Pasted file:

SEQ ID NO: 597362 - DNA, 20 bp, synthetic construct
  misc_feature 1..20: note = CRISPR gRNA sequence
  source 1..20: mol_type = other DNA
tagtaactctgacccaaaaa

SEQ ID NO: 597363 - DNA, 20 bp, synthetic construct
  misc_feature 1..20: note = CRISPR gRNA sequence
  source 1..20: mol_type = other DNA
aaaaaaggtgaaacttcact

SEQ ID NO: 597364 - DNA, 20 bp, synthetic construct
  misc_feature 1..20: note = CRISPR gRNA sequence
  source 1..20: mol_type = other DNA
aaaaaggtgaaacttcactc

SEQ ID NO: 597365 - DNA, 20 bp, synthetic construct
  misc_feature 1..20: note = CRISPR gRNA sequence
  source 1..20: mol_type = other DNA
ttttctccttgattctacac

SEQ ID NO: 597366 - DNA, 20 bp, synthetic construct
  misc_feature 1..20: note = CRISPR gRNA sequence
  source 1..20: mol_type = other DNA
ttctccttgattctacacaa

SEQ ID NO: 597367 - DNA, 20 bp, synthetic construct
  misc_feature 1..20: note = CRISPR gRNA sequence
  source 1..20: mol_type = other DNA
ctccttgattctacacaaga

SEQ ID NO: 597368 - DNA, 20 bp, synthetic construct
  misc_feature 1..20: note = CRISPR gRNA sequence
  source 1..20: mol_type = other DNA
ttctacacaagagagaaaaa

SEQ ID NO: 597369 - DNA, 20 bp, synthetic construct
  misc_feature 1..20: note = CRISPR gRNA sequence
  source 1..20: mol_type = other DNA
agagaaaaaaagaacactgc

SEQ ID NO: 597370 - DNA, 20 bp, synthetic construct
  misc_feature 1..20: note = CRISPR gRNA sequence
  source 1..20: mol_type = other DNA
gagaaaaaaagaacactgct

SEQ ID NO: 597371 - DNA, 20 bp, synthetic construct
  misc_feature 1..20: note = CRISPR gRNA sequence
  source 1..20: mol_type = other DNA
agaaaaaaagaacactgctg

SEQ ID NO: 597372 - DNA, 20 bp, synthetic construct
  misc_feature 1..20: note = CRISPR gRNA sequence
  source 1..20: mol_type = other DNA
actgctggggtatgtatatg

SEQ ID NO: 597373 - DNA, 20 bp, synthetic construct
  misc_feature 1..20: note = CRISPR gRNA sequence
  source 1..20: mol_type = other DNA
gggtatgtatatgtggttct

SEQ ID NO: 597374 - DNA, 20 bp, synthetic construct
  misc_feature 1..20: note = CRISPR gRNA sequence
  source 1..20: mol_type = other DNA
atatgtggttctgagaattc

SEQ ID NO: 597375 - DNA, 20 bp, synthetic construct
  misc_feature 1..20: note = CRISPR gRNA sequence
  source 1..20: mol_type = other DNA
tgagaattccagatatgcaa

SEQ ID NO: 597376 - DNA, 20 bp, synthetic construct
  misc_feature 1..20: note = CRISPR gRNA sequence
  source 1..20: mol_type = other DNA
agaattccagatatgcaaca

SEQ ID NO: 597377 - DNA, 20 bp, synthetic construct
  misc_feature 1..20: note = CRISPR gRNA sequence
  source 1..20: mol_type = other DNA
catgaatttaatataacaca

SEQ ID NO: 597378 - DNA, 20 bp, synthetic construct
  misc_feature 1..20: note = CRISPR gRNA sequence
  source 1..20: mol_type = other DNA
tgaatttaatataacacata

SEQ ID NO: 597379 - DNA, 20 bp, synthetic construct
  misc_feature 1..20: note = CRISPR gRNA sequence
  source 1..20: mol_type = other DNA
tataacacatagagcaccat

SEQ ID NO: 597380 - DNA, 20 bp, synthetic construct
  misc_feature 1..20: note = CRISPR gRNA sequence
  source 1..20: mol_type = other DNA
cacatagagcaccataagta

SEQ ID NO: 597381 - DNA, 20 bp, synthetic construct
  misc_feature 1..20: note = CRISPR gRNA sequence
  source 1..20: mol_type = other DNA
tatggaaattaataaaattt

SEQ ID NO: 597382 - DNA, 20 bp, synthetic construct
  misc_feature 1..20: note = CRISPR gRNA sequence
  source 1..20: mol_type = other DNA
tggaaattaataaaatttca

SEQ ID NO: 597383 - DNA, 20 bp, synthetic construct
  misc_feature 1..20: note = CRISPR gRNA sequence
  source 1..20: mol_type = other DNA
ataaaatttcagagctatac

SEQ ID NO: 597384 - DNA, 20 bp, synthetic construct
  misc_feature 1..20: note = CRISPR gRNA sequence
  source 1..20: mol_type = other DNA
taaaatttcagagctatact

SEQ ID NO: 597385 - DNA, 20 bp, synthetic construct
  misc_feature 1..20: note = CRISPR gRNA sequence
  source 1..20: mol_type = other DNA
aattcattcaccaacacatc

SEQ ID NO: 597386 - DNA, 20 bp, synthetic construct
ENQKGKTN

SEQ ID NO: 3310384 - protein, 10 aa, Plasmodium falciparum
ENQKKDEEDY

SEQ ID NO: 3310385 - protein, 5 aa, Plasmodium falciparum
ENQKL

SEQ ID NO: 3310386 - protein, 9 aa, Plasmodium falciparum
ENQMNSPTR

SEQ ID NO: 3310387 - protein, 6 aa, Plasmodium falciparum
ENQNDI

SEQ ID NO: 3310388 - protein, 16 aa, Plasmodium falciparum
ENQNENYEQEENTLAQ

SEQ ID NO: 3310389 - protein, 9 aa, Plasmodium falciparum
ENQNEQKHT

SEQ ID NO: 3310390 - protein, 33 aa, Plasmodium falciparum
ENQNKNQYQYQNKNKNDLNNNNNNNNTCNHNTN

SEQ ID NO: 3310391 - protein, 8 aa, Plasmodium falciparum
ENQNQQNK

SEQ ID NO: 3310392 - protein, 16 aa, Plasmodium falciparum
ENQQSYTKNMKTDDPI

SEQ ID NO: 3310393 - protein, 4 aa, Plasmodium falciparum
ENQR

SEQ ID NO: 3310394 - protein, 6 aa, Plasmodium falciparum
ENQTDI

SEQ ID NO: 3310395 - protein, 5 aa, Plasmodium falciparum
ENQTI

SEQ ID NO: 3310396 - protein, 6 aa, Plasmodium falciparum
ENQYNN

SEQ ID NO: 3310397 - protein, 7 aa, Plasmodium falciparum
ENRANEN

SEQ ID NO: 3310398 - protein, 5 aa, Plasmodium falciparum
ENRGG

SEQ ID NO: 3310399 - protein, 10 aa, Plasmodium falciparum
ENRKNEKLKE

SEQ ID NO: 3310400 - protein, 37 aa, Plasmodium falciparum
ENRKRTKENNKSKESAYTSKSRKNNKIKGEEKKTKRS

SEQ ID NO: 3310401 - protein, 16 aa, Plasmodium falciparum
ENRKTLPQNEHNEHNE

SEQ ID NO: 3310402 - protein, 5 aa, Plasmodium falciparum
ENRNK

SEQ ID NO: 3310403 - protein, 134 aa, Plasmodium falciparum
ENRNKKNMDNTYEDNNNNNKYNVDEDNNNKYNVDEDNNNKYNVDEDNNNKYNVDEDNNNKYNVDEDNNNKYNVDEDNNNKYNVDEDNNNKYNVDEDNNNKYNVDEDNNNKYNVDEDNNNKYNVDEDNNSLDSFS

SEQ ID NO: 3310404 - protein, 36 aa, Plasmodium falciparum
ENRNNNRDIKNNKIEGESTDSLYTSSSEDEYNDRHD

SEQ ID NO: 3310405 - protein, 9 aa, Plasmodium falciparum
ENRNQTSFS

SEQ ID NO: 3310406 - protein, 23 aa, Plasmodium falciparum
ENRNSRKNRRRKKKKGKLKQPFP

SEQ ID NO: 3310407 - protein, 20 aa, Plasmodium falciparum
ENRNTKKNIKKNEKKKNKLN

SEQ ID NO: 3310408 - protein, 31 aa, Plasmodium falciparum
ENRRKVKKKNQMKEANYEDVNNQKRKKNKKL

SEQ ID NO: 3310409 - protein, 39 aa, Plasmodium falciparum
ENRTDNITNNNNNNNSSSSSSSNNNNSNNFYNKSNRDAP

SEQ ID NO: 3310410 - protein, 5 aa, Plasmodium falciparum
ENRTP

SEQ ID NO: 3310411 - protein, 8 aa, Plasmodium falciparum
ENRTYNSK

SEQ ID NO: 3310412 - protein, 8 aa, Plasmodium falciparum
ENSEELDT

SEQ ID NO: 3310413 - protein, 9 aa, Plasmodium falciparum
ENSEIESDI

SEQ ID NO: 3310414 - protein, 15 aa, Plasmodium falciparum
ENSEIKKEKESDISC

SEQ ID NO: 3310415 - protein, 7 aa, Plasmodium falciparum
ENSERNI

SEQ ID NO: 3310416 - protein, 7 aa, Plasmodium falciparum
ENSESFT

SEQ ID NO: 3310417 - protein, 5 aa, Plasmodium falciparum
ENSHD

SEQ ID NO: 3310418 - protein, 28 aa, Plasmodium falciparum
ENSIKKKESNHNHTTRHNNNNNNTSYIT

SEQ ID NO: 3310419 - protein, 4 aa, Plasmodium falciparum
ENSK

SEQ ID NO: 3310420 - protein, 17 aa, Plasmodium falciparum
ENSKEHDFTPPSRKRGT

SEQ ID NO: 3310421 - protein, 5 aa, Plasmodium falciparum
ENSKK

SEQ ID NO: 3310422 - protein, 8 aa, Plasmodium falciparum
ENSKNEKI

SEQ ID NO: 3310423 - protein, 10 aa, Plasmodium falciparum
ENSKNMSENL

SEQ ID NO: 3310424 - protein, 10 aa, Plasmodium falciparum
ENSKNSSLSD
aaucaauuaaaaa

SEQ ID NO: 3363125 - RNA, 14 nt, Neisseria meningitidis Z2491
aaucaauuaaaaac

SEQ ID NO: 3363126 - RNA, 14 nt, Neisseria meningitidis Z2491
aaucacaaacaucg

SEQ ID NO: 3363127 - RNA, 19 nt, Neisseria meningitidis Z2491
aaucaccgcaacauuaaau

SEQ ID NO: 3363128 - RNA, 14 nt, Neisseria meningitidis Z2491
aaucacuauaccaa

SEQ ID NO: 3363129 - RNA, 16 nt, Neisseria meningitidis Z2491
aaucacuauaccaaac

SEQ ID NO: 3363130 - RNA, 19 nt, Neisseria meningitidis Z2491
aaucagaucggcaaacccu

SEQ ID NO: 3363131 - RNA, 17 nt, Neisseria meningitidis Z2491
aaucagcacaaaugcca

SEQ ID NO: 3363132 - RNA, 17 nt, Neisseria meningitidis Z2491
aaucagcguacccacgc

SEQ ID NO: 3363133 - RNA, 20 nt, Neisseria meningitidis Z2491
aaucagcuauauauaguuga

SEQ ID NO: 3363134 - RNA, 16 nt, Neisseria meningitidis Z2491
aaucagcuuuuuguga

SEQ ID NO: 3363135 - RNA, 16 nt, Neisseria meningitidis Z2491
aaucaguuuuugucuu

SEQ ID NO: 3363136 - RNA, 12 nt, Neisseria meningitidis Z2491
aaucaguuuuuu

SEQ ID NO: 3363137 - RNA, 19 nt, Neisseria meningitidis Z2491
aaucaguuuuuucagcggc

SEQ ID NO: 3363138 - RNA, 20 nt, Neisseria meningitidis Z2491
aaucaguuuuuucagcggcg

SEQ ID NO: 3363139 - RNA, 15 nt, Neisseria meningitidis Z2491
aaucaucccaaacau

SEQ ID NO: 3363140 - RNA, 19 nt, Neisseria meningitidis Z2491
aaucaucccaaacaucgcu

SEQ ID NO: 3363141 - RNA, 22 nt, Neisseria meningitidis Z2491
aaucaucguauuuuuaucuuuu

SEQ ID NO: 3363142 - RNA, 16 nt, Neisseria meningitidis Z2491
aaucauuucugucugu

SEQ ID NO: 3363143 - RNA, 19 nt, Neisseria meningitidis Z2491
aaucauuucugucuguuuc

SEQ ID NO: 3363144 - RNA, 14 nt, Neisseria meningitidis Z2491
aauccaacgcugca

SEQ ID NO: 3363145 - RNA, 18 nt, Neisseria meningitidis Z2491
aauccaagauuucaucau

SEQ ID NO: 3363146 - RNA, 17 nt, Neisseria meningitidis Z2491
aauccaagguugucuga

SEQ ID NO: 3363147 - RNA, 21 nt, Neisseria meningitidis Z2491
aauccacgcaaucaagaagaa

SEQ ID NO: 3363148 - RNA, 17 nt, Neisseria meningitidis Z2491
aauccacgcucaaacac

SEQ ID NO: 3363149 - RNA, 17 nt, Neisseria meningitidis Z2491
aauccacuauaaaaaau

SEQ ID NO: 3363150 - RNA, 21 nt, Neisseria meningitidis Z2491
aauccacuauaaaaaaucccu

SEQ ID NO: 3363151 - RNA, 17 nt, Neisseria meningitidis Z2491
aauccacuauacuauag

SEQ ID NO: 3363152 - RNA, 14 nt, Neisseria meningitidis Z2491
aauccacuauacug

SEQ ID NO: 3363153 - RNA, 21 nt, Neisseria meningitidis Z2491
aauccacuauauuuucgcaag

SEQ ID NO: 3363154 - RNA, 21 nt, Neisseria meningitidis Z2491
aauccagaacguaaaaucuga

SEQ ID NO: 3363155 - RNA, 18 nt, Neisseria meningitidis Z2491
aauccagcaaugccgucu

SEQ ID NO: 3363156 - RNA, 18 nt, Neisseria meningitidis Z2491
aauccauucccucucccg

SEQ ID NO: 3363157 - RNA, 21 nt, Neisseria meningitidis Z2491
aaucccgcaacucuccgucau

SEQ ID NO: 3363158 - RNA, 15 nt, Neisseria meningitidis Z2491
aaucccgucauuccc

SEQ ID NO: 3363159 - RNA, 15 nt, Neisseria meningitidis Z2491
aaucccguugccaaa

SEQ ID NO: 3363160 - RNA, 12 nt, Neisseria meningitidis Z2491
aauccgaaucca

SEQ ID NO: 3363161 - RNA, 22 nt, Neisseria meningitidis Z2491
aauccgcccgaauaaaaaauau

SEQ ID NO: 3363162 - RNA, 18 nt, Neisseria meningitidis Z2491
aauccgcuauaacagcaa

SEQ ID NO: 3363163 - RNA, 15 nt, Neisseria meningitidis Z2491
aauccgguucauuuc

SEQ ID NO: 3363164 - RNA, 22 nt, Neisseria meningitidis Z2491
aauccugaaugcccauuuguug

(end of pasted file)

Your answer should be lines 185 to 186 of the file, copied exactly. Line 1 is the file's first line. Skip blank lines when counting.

aaucacaaacaucg

SEQ ID NO: 3363127 - RNA, 19 nt, Neisseria meningitidis Z2491